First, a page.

Wednesday, August 24, 2011

Curtain walls and coincidences

click photo to enlarge
It would be great to believe that the modern world had done with the concept of "good luck", that the superstitious attitude that leads people to waste money on lotteries and other gambling would have gone the way of belief in fairies and the efficacy of a daily dose of castor oil. But no, people queue up to give away money they can often ill afford to lose in the hope - sometimes expectation - of becoming a millionaire.

But the fact is, despite the Enlightenment, despite the rise of modern mathematics and science and despite universal education, many people have only a hazy grasp of concepts such as chance, probablity and coincidence, and frequently fall back on the superstitious beliefs of centuries ago. If only I stick with the same set of numbers, some say, I'm bound to win the lottery one day, while another group are equally convinced of their belief that changing the numbers is a better way to beat the odds. A much smaller group realise that the odds are the same each time you play your numbers, whatever the numbers are. Similarly, many people will accept that the probability of two people sharing the same birthday is 100% when there are 366 people in a room (excluding February 29th birthdays), but will dispute the fact that there is a 99% probablity when there are only 57 people. (For further information on this probability theory paradox see here).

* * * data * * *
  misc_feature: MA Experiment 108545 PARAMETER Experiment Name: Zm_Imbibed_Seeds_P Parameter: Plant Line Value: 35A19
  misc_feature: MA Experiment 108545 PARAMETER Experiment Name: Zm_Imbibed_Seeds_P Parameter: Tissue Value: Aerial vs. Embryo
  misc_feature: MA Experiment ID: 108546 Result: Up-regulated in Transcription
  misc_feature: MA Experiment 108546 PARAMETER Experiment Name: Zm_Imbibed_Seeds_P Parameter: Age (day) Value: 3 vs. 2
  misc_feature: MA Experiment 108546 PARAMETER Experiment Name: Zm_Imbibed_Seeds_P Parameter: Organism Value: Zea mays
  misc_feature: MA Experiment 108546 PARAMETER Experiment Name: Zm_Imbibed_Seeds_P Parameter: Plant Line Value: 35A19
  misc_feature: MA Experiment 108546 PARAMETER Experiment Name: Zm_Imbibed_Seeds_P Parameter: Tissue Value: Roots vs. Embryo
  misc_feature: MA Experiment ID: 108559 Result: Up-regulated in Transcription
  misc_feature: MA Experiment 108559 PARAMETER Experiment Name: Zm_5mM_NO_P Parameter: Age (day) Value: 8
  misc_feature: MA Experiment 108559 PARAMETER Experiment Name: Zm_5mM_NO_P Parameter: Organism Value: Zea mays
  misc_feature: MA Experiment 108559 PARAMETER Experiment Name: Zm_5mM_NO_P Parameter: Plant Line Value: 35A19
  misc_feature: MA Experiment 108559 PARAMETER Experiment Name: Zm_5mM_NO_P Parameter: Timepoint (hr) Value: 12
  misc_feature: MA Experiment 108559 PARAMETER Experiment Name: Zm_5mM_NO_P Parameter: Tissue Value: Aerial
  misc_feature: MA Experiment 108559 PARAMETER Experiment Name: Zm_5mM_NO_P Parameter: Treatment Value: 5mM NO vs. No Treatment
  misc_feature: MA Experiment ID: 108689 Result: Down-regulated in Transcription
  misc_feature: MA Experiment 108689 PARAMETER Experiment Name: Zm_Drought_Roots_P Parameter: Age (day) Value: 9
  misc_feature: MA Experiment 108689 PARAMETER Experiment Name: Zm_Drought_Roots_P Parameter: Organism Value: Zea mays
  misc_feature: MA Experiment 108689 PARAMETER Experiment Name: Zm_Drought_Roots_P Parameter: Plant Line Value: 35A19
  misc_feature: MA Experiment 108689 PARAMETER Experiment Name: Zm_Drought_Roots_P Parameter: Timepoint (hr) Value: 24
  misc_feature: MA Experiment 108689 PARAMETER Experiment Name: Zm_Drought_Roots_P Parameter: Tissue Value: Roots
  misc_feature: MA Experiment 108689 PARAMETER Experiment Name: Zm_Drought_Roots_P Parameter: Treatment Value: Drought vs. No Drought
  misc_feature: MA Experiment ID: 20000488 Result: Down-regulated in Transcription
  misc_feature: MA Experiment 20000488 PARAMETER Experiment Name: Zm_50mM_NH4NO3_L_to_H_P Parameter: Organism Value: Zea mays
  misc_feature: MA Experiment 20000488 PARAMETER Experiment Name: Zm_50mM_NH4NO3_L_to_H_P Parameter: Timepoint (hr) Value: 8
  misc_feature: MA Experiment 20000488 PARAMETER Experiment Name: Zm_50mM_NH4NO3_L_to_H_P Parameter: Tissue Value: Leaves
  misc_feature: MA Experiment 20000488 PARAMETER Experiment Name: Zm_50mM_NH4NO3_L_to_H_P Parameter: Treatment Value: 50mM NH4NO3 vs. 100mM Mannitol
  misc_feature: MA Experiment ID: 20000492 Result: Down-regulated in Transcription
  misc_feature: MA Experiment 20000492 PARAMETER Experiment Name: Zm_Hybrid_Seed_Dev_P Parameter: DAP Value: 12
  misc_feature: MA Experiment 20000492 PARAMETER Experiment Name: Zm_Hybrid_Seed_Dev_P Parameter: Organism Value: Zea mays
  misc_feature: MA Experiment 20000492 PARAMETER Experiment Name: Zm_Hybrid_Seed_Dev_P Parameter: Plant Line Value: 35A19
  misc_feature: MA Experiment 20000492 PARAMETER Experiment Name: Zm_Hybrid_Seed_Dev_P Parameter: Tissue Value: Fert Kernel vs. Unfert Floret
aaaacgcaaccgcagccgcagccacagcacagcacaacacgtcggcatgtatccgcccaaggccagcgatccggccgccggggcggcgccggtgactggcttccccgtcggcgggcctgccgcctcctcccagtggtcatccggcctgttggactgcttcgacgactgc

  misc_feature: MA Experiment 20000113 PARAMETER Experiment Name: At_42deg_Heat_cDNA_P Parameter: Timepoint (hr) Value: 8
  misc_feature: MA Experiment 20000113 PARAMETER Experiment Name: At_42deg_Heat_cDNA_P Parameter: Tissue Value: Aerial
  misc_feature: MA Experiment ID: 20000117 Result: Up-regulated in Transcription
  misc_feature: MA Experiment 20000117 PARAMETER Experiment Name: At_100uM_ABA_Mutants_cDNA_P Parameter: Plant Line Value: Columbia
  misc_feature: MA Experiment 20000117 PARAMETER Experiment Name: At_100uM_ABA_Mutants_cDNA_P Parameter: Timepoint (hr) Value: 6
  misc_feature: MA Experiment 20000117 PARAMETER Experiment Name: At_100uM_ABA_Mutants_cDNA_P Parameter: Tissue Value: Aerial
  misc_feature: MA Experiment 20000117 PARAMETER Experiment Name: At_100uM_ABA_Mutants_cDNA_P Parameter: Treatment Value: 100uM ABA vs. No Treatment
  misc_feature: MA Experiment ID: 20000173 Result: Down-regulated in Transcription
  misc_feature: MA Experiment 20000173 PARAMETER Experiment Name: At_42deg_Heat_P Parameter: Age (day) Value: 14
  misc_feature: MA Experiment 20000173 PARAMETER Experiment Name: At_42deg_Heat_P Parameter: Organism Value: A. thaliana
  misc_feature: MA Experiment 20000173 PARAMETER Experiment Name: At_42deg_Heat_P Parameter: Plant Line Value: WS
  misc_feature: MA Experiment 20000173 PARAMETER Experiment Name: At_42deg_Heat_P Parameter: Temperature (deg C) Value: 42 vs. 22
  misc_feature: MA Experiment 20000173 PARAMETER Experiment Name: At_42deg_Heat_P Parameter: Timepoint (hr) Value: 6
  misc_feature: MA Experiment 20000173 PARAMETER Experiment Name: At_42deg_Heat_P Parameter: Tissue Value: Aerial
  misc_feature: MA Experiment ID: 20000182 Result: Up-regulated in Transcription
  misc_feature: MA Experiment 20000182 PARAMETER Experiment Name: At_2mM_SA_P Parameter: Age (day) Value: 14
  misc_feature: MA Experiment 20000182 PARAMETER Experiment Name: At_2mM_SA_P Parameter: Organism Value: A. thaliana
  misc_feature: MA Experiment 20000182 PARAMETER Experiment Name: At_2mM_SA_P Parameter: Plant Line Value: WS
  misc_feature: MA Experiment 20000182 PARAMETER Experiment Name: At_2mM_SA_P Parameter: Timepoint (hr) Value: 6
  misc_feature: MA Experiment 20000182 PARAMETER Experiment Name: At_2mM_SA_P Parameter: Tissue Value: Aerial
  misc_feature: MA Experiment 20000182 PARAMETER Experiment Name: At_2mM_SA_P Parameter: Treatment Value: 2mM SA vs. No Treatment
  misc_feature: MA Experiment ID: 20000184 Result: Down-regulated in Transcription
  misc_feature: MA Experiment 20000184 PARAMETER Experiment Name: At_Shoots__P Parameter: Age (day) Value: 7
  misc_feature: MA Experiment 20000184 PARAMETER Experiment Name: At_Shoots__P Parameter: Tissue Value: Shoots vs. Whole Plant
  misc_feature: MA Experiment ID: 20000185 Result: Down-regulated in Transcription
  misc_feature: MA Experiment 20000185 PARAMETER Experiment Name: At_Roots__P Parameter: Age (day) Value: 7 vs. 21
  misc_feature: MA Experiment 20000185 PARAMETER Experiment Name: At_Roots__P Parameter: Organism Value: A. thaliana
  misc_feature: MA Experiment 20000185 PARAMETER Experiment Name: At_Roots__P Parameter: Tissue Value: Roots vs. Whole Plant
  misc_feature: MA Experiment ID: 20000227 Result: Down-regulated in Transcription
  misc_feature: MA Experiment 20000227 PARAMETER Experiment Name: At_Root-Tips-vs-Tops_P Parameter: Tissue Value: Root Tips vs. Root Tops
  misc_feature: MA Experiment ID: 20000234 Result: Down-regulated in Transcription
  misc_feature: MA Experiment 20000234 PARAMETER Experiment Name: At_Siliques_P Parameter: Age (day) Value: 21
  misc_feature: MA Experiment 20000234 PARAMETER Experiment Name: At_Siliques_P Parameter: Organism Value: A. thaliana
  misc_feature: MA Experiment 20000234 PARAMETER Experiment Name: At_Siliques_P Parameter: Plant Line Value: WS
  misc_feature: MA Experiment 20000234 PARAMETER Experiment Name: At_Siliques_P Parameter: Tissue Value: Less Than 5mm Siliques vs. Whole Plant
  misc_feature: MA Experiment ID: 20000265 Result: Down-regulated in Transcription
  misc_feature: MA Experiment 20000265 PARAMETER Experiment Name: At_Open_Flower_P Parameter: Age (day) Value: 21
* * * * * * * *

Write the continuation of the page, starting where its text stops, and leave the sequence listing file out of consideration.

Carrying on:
My most recent blog post was about my liking for using glass curtain wall grids in photographs. What a strange coincidence then, that on my next photographic outing (that happened to be in London), I should return with just such an image, a semi-abstract example taken around sunset. Not really. I like the subject, I'd been thinking about it recently, and I was in a city with a multitude of glass boxes, so the fact that I should take such a shot is not at all unlikely: it's simply the sort of coincidence that occurs regularly throughout our lives.

photograph and text (c) T. Boughen

Camera: Lumix LX3
Mode: Aperture Priority
Focal Length: 10.2mm (48mm/35mm equiv.)
F No: f2.6
Shutter Speed: 1/80
Exposure Compensation: 0 EV
Image Stabilisation: On